So long old school

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I looked for my webs.

Not that anyone ever called them that.

I am referring to snow shoes, the old variety made from rawhide and ash.

I have heard them called toboggans, but not often.

As kids we called them bear paws because those were usually the style of shoe we wore when we made trails between the aspens in the swamps that were mixed with balsam fir and where sometimes grouse busted from snowy burrows.

Later, the trails followed the creek to the beaver pond and up a hogsback, through a fencerow and across a vast windblown field before returning to the shelter of the creek bottom.

The snowshoes by then were modified bear paws, and later, the Maine woodsmen type shaped like a teardrop.

It doesnít matter.

I couldnít find any of them and considered the storage unit.

Maybe they are there, or maybe they were sold at a garage sale, left behind on a move, or given to a kid who was just learning the woods in winter.

The same kid got three pair of leather caulk shoes that are called boots by most people but Bert Russell in his many books about North Idaho lumbering called them shoes and the description fits.

He wears one of these plyable and dexterously showy pairs in a picture while balancing on a tugboatís tow rope holding a pike pole because back then, you walked the tow rope from the brail of logs to the boat for lunch, and back.

They were the kind of boot that laced up almost to your knees and had nails driven into leather soles that the shoe repair man at Neider Avenue says are almost a thing of the past.

Those soles, back then, he said were made of back leather that could be an inch or more thick and it was piled on.

That leather these days is a product of the old country ó Europe, he meant. Spain, Italy and some of the hinter countries that are known less for imports than hard vowel sounds and maybe dark local tobbacco, tea and scimitars.

They donít grow cows that old in America anymore, the man in the shoe store on Neider Avenue said.

Most of the cattle that go to U.S. markets are young and their back leather is better for purses or briefcases, but shoe leather, the thick stuff you need a razor-sharp splitting knife to cut is more or less relegated to the history books.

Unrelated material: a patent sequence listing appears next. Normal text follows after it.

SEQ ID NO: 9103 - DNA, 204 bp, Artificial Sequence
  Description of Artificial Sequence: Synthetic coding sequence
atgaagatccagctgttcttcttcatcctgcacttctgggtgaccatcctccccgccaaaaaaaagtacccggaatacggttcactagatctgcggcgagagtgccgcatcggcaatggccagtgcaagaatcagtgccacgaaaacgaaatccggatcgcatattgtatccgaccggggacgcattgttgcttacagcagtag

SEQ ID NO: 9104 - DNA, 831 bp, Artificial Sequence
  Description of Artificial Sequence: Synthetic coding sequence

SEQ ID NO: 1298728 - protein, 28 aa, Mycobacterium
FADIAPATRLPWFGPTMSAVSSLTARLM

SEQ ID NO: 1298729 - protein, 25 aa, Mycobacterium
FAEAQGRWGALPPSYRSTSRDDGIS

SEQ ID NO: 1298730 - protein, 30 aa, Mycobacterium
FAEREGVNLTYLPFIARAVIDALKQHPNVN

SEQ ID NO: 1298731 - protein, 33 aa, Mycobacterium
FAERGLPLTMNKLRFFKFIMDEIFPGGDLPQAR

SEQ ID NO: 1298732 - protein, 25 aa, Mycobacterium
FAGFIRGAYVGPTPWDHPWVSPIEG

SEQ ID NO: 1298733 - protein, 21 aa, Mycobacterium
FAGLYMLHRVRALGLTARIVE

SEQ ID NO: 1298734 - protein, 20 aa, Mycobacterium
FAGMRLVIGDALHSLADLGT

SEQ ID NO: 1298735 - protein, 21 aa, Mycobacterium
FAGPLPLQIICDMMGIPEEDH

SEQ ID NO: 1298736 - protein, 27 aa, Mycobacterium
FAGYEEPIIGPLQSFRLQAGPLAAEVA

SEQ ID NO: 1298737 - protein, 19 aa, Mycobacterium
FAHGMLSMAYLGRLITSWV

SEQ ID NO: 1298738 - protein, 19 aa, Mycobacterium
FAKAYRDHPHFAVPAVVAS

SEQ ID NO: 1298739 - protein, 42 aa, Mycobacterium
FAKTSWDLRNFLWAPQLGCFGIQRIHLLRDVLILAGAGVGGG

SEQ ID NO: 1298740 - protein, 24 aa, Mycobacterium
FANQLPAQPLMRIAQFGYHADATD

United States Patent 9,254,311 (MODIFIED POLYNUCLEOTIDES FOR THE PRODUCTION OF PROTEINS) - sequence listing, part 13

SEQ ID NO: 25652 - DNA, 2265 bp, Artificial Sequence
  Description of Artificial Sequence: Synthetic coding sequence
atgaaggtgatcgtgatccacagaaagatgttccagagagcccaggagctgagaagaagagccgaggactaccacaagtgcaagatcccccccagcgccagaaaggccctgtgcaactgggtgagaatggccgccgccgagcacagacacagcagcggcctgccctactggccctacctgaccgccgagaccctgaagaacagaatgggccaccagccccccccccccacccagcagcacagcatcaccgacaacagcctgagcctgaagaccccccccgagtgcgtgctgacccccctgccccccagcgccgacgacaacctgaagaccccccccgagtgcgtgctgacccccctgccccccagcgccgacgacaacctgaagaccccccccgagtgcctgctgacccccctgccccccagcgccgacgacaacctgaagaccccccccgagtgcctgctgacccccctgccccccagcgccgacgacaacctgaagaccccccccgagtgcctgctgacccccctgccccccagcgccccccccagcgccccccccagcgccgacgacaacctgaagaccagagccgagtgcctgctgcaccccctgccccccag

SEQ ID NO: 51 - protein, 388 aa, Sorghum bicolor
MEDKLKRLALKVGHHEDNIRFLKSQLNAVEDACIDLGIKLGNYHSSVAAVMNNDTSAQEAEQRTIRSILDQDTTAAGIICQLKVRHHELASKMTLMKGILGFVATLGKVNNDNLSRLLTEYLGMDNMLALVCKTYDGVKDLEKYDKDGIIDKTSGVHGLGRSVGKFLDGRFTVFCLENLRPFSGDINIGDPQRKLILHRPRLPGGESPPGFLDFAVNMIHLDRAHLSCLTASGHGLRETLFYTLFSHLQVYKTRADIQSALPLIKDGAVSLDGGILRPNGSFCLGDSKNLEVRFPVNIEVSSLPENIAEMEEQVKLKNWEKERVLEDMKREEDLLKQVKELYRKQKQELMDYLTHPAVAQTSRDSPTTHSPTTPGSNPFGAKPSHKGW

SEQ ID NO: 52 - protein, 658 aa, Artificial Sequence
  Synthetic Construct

And who reads those, anyhow?

The kid, it appears, got some antique cork boots with old cow heels and small nails sticking out, so he could walk on logs without falling off.

New boots have screw-in caulks like golf shoes. And snow-shoes, these days, use alumin-im, hard vinyl, neoprene and a variety of polymers made by stringing a bunch of hydrocarbons together with double carbon bonds known as covalent.

The covalent bonds donít decompose like the leather did.

Put them in the ground and unlike a red Solo cup, they are not decomposable in 14 years but maybe 400, or, more likely 1,000.

We made snowshoes in wood shop when I was in the seventh grade, and not only is the skill of steaming and bending ash strips so outdated that only a few snowshoe makers worldwide recall the art, wood shop is as well.

That was where we learned not to cut off our fingers on the band saw, or let our hair fall into the spinning blade of a table saw, which we were told would leave us scalpless.

We kept our fingers and our scalps by being careful, and turned out cherry wood jewelry boxes, book shelves, coat hangers and rawhide-laced snowshoes with inner tube bindings, a useable commodity more durable than what is sold in outdoor catalogs.

I couldnít find my snowshoes though.

I looked in the garage and then recalled how my family had a tendency to list my belongings in the classifieds after I left town.

The snowshoes I chased grouse on in winter, or shed antlers, or animals in general, are probably on someoneís wall as decoration. A lot of what we did is that. Decor.

That is why this year Iíve made a resolution. I plan on doing something new. Maybe even virtual.

Something that defies reality and isnít made for a wall.

Like Dada art.

So long Andrew Wyeth.

There may be polymers involved. Molded hydrocarbons with racing stipes. Cool stuff. I may not leave the couch.

Instead of leaving no trace, Iíll leave a legacy of non-decomposables. Real landfill stuff.

Those webs, those old tobaggons ó if they were given away or sold, and arenít hanging on a wall ó they are probably decomposed by now. Bug meal, worm food, unlike plastics.

Pshaw to that. Itís a new year! So long moldy old school. Itís time to ring in the newly everlasting.

Ralph Bartholdt covers justice and the outdoors for the The Hagadone News Network.

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